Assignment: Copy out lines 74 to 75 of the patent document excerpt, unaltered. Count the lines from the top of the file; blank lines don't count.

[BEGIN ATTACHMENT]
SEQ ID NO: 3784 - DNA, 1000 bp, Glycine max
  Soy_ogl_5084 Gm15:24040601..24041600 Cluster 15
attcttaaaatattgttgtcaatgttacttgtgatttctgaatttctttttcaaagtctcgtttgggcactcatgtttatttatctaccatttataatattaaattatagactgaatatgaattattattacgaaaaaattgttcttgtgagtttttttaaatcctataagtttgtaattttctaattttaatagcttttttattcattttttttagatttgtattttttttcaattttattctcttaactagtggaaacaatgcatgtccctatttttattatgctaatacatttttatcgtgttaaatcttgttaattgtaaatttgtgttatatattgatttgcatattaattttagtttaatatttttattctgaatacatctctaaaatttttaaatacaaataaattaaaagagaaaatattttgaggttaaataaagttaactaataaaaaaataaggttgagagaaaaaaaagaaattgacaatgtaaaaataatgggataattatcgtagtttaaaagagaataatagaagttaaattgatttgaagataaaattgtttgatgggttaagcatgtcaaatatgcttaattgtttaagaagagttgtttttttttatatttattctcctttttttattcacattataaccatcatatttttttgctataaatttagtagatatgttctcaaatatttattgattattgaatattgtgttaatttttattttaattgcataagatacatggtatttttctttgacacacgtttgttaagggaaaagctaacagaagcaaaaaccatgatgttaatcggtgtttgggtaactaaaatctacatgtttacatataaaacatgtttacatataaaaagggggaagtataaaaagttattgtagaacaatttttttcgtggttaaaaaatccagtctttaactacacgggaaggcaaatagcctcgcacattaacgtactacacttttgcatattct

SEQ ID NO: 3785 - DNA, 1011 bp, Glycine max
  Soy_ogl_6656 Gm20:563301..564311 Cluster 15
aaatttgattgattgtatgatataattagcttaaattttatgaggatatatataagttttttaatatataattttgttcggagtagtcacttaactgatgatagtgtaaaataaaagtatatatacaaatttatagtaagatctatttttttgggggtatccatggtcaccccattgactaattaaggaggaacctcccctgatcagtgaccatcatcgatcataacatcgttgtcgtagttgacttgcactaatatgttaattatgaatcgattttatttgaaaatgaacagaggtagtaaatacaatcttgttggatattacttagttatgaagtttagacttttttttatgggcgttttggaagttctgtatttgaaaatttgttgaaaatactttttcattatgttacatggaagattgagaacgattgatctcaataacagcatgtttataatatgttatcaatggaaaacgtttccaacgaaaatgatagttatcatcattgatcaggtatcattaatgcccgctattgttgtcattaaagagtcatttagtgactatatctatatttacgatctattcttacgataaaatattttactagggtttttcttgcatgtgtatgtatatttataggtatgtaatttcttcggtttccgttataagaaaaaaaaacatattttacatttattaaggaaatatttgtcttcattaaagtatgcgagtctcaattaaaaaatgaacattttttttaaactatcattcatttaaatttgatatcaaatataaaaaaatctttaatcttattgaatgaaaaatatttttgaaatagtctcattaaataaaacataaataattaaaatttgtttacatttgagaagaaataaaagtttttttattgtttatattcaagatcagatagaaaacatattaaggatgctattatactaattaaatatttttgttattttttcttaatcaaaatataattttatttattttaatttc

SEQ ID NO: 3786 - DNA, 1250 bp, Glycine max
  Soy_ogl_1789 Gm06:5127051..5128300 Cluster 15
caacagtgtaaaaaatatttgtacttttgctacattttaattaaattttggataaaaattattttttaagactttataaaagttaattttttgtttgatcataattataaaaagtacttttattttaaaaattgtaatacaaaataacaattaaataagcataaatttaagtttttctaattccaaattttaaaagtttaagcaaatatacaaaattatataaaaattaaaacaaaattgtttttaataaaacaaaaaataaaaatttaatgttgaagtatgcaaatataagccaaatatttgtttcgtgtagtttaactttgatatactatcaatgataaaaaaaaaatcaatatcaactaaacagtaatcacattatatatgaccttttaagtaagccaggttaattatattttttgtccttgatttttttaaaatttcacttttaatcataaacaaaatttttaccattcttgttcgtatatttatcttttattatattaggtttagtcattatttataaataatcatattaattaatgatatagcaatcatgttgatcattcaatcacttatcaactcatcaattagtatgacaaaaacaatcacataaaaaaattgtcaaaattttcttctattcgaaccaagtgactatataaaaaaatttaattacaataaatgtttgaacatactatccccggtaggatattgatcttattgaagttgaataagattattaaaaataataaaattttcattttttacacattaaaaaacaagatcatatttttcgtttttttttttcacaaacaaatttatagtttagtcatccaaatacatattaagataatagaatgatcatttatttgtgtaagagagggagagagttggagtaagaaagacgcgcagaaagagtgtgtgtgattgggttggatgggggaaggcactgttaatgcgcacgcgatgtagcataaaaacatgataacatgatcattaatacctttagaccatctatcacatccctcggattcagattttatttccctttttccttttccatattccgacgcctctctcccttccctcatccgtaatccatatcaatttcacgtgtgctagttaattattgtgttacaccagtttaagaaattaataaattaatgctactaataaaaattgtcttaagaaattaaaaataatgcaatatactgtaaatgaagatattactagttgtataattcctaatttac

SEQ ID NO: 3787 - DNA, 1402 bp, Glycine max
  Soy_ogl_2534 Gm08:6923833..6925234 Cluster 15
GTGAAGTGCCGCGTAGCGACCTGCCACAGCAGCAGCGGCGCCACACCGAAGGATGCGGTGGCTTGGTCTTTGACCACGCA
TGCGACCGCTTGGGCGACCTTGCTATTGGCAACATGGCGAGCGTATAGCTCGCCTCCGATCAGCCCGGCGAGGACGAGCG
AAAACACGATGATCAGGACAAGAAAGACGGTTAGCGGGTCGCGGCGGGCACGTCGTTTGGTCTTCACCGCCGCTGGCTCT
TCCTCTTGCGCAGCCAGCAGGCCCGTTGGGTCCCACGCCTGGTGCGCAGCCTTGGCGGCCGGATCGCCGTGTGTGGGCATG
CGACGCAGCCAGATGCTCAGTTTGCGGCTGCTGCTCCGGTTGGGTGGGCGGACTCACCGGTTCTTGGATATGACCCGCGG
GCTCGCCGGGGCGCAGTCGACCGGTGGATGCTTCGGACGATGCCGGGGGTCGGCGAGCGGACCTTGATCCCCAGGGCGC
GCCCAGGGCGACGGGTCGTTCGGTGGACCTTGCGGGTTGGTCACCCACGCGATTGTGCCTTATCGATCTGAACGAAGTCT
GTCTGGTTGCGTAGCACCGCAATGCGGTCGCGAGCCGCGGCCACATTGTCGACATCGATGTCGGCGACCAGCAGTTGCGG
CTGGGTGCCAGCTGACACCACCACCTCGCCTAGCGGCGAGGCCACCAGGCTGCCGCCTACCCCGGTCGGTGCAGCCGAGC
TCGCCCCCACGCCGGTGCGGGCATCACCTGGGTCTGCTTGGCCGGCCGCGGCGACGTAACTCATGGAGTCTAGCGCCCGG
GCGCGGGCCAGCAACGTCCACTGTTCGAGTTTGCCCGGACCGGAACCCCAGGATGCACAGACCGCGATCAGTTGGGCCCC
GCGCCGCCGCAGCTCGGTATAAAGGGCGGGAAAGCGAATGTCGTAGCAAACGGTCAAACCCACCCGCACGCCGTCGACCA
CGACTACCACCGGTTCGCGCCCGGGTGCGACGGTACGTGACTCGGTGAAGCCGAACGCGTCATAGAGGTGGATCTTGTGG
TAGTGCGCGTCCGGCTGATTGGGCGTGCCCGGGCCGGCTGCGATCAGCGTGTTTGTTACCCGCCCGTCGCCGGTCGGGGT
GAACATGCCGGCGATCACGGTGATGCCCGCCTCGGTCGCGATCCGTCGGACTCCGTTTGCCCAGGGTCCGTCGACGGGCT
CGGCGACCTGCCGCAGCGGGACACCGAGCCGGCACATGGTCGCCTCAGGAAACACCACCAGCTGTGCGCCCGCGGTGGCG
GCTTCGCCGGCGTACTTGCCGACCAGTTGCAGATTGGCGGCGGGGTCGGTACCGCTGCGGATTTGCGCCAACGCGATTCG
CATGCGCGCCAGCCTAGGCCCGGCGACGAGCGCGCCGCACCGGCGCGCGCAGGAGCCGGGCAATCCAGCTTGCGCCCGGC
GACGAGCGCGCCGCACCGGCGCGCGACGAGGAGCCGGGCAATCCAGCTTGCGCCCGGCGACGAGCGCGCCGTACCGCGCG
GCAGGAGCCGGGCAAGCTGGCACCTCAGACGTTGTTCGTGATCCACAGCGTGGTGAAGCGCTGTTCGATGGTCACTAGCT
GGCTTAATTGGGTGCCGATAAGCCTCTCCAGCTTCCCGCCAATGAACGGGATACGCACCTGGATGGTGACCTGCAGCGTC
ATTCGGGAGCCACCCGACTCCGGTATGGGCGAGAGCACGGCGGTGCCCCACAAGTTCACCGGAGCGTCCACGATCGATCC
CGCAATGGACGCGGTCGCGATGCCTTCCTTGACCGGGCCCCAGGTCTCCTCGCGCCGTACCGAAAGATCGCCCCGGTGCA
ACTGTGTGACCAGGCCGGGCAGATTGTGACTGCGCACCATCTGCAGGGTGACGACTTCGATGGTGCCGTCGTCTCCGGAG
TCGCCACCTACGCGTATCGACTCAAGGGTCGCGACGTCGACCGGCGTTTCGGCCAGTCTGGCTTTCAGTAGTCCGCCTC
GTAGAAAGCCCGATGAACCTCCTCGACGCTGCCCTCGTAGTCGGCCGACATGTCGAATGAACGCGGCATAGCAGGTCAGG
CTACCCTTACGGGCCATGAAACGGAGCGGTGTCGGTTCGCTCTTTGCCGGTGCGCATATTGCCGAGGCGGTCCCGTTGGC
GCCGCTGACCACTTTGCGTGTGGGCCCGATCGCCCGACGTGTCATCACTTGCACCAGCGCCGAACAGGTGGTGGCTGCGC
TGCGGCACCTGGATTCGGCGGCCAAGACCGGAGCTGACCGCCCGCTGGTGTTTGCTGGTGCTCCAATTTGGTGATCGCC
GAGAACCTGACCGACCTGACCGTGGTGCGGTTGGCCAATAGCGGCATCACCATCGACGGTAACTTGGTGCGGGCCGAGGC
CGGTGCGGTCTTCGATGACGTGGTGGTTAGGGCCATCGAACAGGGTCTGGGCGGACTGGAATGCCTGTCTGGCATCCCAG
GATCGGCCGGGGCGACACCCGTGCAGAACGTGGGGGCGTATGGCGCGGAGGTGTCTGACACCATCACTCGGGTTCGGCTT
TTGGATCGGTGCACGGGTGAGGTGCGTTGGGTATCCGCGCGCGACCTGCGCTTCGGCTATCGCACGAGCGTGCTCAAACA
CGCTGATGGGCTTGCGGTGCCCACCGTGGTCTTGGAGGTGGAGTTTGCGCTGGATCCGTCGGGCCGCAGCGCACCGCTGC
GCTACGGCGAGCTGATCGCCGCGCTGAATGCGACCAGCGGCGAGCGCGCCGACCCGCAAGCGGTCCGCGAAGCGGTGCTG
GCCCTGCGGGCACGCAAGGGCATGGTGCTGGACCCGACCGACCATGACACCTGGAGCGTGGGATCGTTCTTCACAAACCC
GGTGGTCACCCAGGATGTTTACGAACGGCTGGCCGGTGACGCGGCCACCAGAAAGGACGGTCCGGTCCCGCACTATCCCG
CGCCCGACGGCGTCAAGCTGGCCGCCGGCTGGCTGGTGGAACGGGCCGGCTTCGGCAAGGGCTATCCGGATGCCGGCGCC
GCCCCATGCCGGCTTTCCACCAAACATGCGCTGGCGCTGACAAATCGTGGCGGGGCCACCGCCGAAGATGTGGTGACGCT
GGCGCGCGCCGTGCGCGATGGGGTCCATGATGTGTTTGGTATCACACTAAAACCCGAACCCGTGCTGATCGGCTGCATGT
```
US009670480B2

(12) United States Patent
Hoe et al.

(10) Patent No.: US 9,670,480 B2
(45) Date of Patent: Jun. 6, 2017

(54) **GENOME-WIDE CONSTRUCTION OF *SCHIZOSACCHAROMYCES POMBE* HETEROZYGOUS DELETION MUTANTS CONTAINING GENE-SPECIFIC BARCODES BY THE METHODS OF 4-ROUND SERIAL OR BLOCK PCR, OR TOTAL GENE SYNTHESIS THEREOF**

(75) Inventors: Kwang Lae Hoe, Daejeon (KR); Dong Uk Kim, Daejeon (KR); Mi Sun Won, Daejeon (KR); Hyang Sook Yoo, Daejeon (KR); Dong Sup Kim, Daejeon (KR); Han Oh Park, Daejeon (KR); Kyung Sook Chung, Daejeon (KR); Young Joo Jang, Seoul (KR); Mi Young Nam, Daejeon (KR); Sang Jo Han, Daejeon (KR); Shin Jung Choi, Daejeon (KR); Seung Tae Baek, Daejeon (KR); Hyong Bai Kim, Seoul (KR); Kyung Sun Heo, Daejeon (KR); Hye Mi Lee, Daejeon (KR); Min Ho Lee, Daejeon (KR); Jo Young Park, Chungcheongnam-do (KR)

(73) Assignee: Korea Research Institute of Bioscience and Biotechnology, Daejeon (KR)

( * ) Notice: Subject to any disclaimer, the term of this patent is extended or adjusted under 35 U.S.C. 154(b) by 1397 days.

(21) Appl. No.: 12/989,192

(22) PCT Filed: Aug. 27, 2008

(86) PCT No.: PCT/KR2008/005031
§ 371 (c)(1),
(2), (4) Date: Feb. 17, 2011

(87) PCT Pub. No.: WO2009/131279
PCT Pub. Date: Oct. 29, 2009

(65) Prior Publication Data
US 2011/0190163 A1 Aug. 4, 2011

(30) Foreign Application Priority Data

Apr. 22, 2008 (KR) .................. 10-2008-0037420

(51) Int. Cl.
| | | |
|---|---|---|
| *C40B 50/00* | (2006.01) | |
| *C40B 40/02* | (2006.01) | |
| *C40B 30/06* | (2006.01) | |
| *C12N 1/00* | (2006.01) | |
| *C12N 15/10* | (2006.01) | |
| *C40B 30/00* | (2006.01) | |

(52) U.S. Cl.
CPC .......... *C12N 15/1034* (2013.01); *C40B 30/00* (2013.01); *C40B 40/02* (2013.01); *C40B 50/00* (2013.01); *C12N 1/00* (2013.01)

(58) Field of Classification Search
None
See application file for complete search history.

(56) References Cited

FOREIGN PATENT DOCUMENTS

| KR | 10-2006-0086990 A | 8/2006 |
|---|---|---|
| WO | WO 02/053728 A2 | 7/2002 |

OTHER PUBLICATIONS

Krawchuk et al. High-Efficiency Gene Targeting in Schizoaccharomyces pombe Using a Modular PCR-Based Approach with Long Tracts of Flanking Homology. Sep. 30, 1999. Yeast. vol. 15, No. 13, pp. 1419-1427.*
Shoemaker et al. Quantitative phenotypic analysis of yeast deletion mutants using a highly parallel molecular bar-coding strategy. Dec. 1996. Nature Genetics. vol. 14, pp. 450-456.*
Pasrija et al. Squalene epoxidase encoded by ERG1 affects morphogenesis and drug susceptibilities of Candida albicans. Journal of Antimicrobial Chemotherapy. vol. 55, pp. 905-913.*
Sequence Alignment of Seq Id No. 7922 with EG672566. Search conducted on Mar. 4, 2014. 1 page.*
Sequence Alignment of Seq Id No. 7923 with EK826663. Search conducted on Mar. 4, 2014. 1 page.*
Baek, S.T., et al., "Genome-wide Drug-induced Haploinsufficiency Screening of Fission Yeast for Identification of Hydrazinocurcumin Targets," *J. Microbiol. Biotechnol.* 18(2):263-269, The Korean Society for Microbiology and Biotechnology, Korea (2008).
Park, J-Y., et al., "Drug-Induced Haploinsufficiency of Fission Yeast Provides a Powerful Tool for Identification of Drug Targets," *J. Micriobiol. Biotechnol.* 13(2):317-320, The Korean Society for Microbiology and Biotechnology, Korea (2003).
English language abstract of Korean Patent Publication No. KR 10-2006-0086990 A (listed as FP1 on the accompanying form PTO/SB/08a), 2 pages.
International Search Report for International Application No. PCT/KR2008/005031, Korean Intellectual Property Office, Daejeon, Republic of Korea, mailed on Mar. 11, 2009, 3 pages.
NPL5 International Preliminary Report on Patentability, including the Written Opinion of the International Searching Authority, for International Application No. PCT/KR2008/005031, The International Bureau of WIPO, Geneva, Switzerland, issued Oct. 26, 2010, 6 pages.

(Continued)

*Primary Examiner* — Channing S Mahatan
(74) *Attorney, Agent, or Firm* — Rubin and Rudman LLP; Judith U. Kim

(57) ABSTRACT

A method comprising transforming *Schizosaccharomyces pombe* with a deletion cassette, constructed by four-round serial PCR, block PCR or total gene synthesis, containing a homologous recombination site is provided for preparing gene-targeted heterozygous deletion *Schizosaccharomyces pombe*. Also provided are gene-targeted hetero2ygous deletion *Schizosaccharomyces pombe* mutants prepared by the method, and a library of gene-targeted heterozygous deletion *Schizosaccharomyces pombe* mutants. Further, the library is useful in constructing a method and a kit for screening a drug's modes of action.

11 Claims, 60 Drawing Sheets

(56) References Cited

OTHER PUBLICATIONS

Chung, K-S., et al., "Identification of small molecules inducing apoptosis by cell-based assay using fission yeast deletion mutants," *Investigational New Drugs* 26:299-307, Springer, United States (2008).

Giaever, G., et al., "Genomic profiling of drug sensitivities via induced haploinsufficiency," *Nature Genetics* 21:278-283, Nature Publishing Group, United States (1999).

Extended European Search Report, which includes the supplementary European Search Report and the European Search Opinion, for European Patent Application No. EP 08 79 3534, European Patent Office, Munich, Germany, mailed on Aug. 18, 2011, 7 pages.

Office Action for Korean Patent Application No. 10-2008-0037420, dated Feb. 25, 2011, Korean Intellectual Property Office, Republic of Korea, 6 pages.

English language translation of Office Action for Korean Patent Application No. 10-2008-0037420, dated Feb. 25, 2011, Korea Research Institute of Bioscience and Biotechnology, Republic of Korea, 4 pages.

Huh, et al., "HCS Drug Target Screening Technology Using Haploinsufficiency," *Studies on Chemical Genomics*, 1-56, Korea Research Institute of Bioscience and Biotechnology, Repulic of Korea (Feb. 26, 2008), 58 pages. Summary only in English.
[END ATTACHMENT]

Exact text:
| | | |
|---|---|---|